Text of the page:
Working in games media, I see a lot of titles fall flat at launch. Sometimes an overly-niche idea is to blame, which can’t attract enough players. At other times, it can be poor marketing, with players simply not knowing that the game even exists. It can also come down to the developer and how they are perceived by the gaming community. The Culling 2 is the latest game to fall spectacularly on its face, and could well be considered as having the worst video game launch of all time!
Despite jumping aboard the battle royale hype train, which you might think would guarantee some form of success, The Culling 2’s high price tag and detachment from the original game’s strengths led to its early demise just weeks after it launched in July. The poor timing of the release date also pitted the title against Fortnite, which was launching its fifth season of content, which stole away any remaining attention. It was seriously bad planning.
Those tasked with reviewing The Culling 2 had an exceptionally tricky time. Despite game lobbies being able to hold up to 50 players — a number which was already half of what the battle royale kings, Fortnite and PUBG, were capable of supporting — matches often started with less than 10 people. There simply weren’t enough players matchmaking at the same time to fill those 50 slots. The game would begin after a certain number of minutes, regardless of how full the lobby was. Rounds with a single-digit number of players were common, dropping players down onto a massive island with very few enemy combatants to face. This essentially turned the game into a running simulator for the bulk of the match. You’d occasionally find a player, fight it out in an awkward and laggy fashion, and then go right back to being lonely again.
The gameplay wasn’t just awkward and laggy, either. It was also carried out from a third-person view, going in a completely different direction to what the original game had succeeded with. To me, it’s clear that Xaviant Games were looking at PUBG and Fortnite’s third-person modes, believed that the new game would attract more players if it looked similar, and decided to go with that.
The Culling 2 was a sequel in name only, and this greatly disappointed fans of the original. After the developers had finished changing and adapting the original to the point where it was unrecognizable from the launch build, the devs then moved on to the “sequel.” The remaining players hoped for a fresh start and new foundation to build upon. Of course, that didn’t happen, which left a very bitter taste in the mouths of the small, yet dedicated and passionate, playerbase.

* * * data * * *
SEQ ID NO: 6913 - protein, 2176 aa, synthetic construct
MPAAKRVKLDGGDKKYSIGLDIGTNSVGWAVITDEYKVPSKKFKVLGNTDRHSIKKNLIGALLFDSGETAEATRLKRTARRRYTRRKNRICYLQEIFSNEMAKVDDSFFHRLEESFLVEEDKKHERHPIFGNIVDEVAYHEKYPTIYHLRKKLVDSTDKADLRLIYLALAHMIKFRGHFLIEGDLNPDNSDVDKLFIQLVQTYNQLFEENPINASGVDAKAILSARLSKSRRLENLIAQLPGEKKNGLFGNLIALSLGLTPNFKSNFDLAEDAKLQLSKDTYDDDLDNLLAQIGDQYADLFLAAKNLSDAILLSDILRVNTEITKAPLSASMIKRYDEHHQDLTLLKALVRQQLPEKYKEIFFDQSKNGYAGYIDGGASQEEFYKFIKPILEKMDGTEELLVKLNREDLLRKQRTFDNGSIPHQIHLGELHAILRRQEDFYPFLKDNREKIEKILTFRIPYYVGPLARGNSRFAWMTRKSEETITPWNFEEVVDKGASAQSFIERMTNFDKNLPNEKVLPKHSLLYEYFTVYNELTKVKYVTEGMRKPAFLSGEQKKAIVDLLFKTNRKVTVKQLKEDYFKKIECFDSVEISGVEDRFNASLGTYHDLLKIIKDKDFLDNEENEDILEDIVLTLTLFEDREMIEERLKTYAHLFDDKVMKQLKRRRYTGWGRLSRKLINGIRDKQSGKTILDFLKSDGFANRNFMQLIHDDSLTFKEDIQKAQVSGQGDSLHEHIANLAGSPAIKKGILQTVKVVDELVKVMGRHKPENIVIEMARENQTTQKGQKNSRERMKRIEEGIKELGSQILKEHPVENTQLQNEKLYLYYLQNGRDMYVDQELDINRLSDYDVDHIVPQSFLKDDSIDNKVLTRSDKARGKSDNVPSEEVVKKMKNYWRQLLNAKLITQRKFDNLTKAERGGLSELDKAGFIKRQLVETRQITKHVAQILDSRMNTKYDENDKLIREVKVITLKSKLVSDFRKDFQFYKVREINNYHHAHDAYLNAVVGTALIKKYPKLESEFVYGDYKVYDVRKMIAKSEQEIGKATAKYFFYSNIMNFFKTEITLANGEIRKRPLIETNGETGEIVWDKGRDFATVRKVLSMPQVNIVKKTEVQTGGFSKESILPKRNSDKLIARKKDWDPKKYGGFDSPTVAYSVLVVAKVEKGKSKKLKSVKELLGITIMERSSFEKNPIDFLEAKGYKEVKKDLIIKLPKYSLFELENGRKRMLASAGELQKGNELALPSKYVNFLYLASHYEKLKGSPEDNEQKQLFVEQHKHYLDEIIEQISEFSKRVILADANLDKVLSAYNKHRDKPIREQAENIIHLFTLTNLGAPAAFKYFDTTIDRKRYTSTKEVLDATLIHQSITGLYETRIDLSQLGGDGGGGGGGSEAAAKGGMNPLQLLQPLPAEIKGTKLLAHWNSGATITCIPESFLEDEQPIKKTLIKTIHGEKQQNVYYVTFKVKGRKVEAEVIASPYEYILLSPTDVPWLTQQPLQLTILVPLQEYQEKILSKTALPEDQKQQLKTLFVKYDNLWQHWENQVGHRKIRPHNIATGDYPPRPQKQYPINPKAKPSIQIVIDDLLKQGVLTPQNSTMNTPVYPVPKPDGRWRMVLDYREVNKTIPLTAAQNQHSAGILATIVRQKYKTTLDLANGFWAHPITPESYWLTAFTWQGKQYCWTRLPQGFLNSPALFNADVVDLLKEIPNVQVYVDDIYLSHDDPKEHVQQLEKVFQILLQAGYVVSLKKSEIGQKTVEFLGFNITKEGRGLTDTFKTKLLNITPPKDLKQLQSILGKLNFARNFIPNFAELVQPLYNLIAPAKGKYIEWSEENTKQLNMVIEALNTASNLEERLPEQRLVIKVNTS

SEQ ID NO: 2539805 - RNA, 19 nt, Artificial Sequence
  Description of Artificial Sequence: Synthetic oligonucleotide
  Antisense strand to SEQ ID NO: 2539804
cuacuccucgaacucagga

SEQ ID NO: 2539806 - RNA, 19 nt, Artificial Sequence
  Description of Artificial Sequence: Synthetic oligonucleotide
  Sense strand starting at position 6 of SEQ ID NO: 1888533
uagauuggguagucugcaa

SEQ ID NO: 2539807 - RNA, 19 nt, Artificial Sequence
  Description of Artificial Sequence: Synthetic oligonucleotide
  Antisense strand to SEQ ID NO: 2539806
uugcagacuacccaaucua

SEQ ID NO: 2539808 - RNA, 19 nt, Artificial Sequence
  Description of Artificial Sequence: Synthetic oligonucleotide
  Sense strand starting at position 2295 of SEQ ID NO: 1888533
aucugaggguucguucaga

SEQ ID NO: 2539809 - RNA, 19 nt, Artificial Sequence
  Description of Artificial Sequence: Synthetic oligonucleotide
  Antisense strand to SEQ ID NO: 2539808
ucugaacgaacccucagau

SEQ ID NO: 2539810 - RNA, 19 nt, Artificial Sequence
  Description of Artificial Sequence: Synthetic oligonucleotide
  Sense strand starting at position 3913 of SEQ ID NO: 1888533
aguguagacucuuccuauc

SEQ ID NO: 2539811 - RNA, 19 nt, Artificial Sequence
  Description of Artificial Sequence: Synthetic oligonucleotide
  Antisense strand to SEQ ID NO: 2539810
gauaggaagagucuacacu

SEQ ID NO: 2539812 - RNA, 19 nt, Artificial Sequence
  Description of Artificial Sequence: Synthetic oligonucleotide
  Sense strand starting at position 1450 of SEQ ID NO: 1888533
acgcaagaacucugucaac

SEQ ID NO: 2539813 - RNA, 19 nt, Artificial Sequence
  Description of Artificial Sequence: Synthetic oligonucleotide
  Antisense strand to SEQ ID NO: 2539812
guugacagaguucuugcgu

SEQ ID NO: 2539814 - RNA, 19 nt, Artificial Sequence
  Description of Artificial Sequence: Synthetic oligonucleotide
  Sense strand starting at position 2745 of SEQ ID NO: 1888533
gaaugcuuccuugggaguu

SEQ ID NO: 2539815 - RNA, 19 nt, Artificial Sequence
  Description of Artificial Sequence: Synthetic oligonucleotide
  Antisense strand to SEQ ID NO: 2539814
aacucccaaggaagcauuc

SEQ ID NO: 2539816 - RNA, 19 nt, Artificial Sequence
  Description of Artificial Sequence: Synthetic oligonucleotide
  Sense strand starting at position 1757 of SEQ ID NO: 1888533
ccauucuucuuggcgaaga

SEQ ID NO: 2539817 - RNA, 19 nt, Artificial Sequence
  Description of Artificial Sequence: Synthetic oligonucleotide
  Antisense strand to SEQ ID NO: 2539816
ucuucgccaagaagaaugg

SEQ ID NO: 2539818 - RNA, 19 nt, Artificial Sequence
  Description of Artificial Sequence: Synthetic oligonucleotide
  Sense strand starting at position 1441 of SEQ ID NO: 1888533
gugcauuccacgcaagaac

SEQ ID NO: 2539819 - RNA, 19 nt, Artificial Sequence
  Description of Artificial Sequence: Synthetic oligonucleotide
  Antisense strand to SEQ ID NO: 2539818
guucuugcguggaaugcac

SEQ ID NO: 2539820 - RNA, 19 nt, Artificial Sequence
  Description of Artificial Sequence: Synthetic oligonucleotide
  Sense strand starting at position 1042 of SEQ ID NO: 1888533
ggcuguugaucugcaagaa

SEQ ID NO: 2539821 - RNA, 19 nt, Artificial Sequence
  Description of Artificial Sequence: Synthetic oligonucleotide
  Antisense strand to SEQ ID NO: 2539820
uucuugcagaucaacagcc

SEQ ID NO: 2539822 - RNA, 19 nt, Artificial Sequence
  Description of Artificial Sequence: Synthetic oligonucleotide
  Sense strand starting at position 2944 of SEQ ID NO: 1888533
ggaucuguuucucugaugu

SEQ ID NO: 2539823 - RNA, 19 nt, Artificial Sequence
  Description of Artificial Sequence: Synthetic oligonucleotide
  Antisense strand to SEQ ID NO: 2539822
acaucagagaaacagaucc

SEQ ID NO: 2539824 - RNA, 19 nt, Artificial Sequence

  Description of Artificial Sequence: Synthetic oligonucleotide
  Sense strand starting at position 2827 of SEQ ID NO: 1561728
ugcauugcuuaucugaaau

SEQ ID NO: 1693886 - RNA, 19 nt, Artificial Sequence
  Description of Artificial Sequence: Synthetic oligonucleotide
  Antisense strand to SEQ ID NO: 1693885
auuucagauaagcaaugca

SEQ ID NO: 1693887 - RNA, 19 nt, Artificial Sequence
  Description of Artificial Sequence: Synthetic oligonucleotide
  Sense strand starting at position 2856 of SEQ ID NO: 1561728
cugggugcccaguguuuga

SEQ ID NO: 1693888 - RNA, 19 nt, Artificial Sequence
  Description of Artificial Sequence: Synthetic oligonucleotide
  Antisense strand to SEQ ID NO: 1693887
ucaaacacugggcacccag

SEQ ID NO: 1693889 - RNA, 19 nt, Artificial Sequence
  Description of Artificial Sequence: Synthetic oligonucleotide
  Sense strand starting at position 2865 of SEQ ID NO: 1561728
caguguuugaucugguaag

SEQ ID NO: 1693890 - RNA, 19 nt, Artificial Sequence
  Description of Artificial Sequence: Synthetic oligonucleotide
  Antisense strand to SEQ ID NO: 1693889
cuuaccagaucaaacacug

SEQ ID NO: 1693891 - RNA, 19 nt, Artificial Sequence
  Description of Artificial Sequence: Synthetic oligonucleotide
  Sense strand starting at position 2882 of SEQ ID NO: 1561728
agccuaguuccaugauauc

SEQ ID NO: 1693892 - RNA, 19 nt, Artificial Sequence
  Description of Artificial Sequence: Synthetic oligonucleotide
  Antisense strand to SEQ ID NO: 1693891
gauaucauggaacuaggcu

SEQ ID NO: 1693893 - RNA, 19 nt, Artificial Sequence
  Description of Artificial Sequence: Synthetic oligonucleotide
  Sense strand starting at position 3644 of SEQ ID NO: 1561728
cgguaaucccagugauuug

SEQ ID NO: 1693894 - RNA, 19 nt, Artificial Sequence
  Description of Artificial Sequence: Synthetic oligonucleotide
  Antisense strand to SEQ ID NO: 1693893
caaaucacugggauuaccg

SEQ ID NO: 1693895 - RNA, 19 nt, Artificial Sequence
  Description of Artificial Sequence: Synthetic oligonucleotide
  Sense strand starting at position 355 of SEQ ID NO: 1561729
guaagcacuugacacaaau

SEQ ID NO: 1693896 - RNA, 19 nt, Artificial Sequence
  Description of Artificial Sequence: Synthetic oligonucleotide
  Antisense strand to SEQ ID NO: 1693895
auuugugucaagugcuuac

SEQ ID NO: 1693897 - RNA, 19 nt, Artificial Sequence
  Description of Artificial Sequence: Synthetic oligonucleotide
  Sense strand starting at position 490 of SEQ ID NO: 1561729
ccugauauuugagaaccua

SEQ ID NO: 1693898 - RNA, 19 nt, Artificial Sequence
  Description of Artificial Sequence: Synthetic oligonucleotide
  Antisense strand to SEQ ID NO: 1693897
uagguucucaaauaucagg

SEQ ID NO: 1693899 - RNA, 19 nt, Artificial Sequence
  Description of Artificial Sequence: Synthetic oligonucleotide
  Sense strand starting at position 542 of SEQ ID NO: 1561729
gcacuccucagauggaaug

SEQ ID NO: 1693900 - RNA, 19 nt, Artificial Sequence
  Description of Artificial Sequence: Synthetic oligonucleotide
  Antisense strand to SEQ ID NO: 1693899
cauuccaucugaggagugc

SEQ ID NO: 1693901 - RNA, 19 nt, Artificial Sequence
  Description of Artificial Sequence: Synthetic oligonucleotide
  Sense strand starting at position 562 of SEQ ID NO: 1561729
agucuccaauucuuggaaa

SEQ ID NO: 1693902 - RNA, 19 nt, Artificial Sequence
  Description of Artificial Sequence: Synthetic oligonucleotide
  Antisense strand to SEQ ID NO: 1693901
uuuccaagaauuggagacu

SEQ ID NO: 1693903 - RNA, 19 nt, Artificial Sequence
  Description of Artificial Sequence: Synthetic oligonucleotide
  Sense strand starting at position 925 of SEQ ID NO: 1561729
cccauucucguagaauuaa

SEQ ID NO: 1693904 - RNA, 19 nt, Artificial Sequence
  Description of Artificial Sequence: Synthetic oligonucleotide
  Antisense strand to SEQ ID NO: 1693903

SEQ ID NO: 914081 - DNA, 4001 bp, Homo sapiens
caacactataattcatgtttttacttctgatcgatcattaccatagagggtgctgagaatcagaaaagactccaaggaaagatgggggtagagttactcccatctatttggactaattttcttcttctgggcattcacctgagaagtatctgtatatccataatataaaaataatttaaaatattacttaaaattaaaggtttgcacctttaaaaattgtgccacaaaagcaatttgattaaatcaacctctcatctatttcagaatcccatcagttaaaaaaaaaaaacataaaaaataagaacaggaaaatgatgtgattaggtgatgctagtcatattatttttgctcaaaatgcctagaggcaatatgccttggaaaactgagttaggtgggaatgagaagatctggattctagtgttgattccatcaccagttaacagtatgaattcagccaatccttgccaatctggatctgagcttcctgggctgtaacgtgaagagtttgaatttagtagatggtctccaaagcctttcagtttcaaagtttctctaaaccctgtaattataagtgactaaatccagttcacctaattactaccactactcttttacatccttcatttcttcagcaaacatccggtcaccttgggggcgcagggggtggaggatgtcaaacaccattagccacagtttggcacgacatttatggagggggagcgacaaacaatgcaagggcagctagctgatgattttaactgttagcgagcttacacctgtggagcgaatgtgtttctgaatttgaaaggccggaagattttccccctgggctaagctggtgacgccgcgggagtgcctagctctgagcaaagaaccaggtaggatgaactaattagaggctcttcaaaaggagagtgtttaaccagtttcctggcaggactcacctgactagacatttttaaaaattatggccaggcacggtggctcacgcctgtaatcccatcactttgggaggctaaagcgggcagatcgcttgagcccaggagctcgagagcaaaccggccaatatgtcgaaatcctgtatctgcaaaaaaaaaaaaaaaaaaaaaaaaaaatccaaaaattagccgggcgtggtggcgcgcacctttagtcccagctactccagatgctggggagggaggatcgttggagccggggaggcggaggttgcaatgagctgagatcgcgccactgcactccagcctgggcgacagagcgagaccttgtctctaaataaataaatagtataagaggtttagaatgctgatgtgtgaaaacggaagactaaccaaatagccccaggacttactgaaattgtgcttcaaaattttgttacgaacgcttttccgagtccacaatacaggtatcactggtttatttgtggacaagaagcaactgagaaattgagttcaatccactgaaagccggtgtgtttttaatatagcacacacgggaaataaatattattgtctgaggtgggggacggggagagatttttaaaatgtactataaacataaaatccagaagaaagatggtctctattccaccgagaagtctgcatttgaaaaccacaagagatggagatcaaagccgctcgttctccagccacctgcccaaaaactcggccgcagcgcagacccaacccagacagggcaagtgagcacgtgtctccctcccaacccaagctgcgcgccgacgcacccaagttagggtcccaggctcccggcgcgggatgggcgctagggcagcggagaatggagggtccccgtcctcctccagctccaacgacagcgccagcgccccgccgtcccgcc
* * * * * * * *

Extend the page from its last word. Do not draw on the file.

Before it had even launched, The Culling 2 was hit with negative comments and feedback on Steam, Reddit, and YouTube. And while it’s often said that even bad press is still press, holding some kind of promotional value, curious players were met with a steep entry fee. The game was priced at $20, immediately putting it at a severe disadvantage.
I’m not saying that battle royale experiences must be free — though many of them are — I’m just trying to highlight the fact that, if you really want to make a paid-for battle royale game work at this time, you need to have a unique selling point. Your game needs to have something that no other battle royale title out there already has. With The Culling, that used to be a game show theme, where players were fighting to be the most entertaining. This was basically dropped for the sequel, and all originality was lost.
I honestly don’t know who the target audience for this game was. Was there any chance of players dropping $20 on a game that was entering an already crowded market, without doing anything unique, and with no attempt to bring in existing fans? I can only imagine the pressure felt on the team during development, as I’ve no doubt they knew just how bad the game was shaping up, and how it would be received.
Thankfully, for us gamers at least, this tragic tale has a happy ending. Xaviant Games is finally going to give the original game the attention it deserved all along, moving the title back to its 2016 build and starting again. The developers have promised to work more closely with the community, to make something that the players actually want. While this can only go on for so long, as the game isn’t massively popular, and the developer only has limited resources, it’s good to see Xaviant Games try to fix its mistakes.
The Culling 2 is an example of what not to do when launching a game. Everything that could go wrong went wrong, and now the game’s head is sat on a pike outside of Game Development Hell’s gates, as a warning to all those who might make the same mistakes.
Unfortunately, just a few of weeks following the controversy, the original game has reverted back to having only a handful of people online. At time of writing, The Culling: Day 1 Reference has two people playing, with a 24-hour peak of seven (via SteamDB). The Culling fairs a little better with 11 players currently in-game, and with a 24-hour peak of 15 (via SteamCharts). Even with the media spotlight shining brightly overhead, The Culling has lost most of its popularity. Despite the support promised by the developers, gamers just don’t seem to care anymore. It’s a shame, but not exactly a surprise.